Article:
The Daily Mail has instructed its readers to avoid the film, The Death of Stalin.

In an editorial piece the Mail said, “This film is not funny. It is little more than an attack, by the liberal metropolitan elite on a great patriot.

“Joseph Stalin was a deeply intellectual man who was also a published poet by 1917. Go to any creative writing course and it is filled with frustrated members of the liberal metropolitan elite. Their frustration is expressed in this deeply unfunny attack on a man who was a great patriot.”

The Mail then goes on to say that in Russia’s hour of need, during the great patriotic war, Stalin was there to lead his country. “Who would you rather have leading you in a time of war?
A namby pamby, liberal do-gooder who would run away from the enemy or a man of steel? Let’s face it, the only man of steel the lib-tards have heard of is in comic books.”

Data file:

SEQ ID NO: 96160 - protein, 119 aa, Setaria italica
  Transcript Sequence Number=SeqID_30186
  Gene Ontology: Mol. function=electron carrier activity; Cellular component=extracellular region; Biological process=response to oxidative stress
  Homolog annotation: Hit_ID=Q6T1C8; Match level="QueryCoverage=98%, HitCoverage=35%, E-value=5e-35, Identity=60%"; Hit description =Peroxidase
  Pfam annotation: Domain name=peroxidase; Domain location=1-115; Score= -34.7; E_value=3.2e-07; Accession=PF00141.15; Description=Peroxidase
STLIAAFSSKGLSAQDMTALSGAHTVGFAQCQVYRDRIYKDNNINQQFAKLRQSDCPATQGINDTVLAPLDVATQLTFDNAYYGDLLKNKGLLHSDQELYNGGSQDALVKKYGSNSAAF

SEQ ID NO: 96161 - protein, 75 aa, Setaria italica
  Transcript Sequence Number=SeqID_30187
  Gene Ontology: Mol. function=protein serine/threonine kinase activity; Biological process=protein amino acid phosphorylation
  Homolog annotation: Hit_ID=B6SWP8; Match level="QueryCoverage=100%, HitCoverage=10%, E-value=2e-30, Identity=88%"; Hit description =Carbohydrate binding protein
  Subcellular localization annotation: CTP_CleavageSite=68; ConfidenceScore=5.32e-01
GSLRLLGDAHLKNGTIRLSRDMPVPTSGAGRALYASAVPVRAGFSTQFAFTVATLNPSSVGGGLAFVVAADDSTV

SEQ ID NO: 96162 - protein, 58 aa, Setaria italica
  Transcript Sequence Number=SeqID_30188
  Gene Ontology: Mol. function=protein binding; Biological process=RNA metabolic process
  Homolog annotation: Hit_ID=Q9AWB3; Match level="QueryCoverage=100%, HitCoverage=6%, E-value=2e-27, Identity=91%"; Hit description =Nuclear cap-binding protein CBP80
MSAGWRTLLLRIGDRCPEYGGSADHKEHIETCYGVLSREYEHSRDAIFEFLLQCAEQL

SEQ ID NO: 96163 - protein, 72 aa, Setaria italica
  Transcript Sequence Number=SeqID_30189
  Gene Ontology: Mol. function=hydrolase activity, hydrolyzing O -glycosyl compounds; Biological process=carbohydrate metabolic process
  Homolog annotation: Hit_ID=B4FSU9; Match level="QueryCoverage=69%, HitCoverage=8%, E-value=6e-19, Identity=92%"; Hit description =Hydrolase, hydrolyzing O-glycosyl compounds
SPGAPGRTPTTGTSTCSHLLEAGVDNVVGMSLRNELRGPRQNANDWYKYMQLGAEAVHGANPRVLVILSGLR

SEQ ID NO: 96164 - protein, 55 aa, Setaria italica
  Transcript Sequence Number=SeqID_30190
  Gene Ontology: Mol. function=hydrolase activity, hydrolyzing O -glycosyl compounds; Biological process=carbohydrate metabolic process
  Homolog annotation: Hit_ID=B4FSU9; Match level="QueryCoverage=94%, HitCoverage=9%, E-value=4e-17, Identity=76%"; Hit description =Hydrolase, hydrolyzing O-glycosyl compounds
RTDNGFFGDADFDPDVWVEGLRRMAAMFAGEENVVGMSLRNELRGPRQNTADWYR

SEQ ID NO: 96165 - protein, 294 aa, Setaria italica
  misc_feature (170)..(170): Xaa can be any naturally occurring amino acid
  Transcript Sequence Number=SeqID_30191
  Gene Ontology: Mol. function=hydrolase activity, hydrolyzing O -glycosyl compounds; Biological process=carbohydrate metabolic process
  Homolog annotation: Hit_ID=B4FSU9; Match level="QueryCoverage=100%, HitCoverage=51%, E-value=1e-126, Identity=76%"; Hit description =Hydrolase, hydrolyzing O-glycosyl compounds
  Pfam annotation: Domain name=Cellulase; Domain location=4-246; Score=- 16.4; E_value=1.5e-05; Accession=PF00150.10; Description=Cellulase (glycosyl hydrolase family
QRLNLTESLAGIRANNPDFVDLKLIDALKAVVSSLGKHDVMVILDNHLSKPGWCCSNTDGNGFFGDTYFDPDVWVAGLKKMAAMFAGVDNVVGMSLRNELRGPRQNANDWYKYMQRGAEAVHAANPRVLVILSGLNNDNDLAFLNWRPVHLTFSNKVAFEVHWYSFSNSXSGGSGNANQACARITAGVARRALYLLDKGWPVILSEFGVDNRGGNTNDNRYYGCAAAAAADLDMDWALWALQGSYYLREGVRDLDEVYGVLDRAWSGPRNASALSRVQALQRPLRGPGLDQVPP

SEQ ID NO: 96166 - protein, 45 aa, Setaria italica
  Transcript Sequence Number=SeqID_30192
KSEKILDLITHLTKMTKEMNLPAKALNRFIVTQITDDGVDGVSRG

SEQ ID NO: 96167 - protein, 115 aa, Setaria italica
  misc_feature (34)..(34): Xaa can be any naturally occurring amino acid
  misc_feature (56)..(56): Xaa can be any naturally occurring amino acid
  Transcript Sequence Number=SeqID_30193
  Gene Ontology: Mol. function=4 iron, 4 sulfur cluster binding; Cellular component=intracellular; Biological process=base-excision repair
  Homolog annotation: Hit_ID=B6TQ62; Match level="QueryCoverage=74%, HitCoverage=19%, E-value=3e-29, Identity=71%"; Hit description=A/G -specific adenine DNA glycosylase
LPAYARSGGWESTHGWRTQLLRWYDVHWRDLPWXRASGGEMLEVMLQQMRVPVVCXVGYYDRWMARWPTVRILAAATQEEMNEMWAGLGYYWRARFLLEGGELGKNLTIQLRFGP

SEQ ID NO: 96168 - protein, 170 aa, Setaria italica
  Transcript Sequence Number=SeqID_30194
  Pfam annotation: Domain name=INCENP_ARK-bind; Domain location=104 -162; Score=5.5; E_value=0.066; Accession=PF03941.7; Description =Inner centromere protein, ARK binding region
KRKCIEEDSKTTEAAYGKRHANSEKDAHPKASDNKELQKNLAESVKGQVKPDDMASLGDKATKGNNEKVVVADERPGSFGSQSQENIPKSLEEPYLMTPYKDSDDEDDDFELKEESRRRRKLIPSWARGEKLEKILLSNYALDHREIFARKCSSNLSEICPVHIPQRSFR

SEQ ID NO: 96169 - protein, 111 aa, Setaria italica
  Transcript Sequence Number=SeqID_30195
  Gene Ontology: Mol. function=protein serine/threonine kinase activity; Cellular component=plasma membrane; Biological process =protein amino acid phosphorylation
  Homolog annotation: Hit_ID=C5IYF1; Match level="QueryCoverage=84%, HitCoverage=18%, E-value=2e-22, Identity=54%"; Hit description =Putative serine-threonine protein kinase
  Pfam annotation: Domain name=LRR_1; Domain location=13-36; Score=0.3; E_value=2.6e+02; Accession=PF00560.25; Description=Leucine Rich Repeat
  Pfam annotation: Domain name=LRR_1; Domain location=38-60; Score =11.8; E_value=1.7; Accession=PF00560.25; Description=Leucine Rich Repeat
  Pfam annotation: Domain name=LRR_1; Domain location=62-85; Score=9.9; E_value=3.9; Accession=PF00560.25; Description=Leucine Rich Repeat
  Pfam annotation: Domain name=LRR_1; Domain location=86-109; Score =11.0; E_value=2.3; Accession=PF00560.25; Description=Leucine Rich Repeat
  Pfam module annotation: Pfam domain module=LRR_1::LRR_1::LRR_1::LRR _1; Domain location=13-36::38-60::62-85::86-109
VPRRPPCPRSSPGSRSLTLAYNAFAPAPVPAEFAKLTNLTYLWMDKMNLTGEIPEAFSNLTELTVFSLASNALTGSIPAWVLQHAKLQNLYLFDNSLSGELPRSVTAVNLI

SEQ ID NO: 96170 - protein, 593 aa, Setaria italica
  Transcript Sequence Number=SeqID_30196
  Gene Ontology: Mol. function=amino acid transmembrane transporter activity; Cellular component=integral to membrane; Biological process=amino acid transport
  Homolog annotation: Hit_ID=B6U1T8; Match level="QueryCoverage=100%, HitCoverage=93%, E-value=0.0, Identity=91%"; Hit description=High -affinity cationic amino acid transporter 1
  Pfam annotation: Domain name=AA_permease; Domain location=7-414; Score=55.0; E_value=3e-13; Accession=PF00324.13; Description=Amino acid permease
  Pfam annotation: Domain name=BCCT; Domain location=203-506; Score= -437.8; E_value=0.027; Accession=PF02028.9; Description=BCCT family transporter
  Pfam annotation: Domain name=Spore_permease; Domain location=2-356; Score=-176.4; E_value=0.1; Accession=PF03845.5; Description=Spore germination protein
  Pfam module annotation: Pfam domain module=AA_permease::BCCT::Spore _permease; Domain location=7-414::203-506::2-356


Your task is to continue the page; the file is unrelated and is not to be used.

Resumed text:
Many critics of the papers stance have pointed to the inhumanity and lack of basic human rites associated with the Stalinist regime. It has been suggested that this may be something the paper shouldn’t support.

The paper countered this saying, “People are fed up with human rites. It’s just an excuse for lawyers to make money from tax payers whilst allowing terrorists to walk the streets unfettered. If Stalin were in charge there would be less terrorism. Stalin understood the dangers of human rites.”

This isn’t the first time this week a national newspaper has caused controversy. The Sunday Express was forced to admit that its article entitled, “Himmler; monster or visionary socialist?” may also have missed the bullseye in terms of facts.

The writer of that piece has met criticism of that piece by saying, “Himmler was obviously a socialist. He lifted society up by eradicating poverty. He was also a member of the National Socialist Party who believed in strong centralised Government. That’s definitely socialism because it says Socialist in the name, dummy.

“If our readers don’t heed the lesson and keep voting Tory they’ll get Corbyn and socialism.”